Installing A Private Road For Access To Your Property Or Business

The location of a home or business on privately owned land with limited access can be a problem. If the land is not eligible to have a town or city road coming to it, you may have to hire a contractor to put in a private road to the land at your cost. It will also mean having to pay for the upkeep on the road, so making sure it is constructed right is important.

Working With Your Town or City

Before you start working on a road to your property, check with the municipality to verify where the road can be placed, if it can connect to their road when you get to it, and what the requirements are for maintaining it. Just because they will not pay for the construction of the road does not mean they won't help you work out the details or have some requirements about what they will allow you to do with the road. It is better to ask the questions and get the answers before you start work on the road so you can avoid having to tear it up and start again if you don't meet the code or standards for the area.

Finding A Contractor

You will want to start your search for a contractor next. A driveway contractor may have the tools and experience to do the job, or you might have to consider a larger company with road experience. The amount of work involved will dictate your needs, and you should get a few estimates with both small and large businesses. If they seem unsure after looking at your project, don't be afraid to cross them off the list. The last thing you need is a road that is not constructed properly and won't last over the years.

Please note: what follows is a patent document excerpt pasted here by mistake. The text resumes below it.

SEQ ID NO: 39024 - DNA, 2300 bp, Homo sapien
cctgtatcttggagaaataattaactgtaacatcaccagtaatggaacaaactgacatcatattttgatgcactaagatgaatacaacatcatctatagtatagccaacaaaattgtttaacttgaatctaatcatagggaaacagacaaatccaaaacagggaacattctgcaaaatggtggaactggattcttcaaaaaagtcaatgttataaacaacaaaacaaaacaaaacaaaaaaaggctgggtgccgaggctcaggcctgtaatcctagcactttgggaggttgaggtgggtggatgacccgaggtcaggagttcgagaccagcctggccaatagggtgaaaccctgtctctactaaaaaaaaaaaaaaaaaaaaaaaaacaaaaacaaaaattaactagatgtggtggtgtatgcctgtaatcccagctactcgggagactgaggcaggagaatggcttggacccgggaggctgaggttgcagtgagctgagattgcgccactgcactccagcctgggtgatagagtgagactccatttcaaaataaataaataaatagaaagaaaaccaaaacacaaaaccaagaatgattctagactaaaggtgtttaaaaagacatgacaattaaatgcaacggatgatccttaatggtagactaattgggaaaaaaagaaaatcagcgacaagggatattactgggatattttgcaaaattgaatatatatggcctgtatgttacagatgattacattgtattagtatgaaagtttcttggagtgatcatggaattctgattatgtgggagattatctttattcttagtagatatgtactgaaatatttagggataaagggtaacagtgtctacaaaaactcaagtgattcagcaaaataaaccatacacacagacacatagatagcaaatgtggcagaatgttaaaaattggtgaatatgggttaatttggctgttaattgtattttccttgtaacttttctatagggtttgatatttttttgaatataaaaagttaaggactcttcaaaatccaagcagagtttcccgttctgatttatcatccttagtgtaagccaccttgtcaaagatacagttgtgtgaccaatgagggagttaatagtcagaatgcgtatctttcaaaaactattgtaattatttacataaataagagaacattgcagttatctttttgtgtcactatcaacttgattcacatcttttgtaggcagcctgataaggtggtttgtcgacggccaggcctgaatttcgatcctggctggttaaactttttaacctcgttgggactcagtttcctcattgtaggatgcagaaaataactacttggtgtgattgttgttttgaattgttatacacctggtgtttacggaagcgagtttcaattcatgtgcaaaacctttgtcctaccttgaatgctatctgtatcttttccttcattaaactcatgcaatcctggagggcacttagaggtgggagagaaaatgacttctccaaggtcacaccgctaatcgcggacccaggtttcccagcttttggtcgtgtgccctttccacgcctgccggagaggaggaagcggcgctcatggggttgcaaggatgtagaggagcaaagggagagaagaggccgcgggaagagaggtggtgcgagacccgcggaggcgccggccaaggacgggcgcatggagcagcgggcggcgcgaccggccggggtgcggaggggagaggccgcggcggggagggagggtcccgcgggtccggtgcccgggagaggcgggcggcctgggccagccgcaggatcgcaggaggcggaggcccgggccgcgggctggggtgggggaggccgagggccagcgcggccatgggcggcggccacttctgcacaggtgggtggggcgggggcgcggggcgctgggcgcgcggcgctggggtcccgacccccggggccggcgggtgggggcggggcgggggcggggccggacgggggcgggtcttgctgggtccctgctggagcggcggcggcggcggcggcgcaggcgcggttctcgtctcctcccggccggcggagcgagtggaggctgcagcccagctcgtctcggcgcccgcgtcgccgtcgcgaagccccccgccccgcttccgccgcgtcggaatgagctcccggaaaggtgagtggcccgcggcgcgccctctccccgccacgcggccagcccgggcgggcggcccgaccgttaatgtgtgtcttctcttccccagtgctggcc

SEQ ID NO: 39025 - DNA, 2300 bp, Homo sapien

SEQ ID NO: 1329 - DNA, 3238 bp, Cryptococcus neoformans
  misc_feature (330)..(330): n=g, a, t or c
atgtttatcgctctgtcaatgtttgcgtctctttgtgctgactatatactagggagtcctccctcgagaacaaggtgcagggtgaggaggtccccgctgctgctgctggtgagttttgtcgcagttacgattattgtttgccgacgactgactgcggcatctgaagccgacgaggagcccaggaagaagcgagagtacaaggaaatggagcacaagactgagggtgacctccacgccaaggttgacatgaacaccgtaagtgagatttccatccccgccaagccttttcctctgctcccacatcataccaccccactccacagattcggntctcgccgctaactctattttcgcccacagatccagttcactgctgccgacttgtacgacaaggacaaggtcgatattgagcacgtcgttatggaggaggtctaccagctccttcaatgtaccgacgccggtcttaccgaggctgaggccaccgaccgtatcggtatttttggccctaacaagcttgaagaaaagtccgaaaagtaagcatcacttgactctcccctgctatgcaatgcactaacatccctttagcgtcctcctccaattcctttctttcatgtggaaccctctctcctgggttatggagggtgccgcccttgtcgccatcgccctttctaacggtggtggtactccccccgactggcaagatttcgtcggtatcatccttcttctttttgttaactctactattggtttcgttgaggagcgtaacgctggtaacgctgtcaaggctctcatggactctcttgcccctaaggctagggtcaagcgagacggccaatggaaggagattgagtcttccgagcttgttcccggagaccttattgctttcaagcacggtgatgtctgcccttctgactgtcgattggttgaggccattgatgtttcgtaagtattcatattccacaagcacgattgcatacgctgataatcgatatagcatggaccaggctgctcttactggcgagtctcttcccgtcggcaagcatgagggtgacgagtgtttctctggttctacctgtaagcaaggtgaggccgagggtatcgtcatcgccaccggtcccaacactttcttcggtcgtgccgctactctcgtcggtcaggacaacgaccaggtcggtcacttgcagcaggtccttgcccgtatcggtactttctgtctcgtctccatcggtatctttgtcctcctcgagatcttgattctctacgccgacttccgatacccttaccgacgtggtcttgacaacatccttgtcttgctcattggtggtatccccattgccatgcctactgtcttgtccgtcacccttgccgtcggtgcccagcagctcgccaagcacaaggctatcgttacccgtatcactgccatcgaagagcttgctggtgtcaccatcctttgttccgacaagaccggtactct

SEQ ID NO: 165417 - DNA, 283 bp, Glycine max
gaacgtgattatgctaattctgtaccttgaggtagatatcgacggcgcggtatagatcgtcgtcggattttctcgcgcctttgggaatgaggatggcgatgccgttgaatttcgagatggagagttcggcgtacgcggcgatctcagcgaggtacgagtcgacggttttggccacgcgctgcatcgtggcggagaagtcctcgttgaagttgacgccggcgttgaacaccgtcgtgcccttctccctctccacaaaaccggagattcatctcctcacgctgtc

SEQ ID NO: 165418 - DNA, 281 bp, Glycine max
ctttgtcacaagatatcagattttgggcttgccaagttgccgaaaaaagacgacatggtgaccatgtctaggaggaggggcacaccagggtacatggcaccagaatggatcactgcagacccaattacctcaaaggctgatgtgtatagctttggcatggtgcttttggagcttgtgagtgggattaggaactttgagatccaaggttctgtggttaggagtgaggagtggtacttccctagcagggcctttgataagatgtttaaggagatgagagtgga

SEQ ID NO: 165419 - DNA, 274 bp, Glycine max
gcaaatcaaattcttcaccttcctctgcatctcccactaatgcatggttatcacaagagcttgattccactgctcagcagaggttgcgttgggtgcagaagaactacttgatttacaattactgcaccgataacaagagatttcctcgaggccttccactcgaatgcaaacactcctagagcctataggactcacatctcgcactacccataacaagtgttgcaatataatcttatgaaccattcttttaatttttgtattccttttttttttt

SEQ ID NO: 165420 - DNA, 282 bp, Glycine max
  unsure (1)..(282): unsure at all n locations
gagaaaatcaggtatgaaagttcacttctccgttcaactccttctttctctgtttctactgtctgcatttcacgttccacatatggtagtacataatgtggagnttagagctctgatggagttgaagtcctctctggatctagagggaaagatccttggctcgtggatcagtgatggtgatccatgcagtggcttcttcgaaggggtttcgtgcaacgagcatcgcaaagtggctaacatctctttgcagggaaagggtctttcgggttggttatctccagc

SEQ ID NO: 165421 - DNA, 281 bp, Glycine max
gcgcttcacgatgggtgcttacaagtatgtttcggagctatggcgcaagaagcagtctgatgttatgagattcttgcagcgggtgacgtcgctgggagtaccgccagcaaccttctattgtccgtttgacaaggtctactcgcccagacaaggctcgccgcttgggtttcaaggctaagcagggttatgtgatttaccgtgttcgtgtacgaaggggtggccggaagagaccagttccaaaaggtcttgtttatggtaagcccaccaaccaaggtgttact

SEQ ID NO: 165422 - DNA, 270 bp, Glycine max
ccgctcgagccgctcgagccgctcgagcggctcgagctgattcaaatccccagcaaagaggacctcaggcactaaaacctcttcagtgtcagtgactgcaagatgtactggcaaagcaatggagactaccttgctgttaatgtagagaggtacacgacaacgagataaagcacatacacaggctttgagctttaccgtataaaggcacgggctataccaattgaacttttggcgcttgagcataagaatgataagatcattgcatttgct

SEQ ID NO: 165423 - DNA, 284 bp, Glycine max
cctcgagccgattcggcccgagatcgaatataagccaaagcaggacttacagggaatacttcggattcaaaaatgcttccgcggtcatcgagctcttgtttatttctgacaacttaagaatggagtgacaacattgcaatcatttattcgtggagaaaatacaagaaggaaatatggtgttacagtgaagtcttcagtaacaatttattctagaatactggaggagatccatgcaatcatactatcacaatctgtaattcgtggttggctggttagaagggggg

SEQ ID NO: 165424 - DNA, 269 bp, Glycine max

Laying Out The Road

Before you start to build the road, you should get a surveyor to come out and create a plan for you. They can help you determine the boundaries of the land, decide where the best route for the road might be, and give you a detailed report of the survey. Once you have the survey, the contractor can better determine what areas will hold up with traffic. Avoiding extreme angles, hills, and low spots are all important to the longevity of the road, and the survey will show where those trouble spots are.

Maintaining The Road

After the road is complete, you will need to keep it maintained. If the contractor that put it in offers maintenance services, it may be a good idea to sign a contract with them for it now, but you may not need to if they warranty the road for a few years after the construction. Talk to them and find out what the expectation for repairs and upkeep is going forward. If there is no warranty on the work, you may want to consider another contractor to construct your road.

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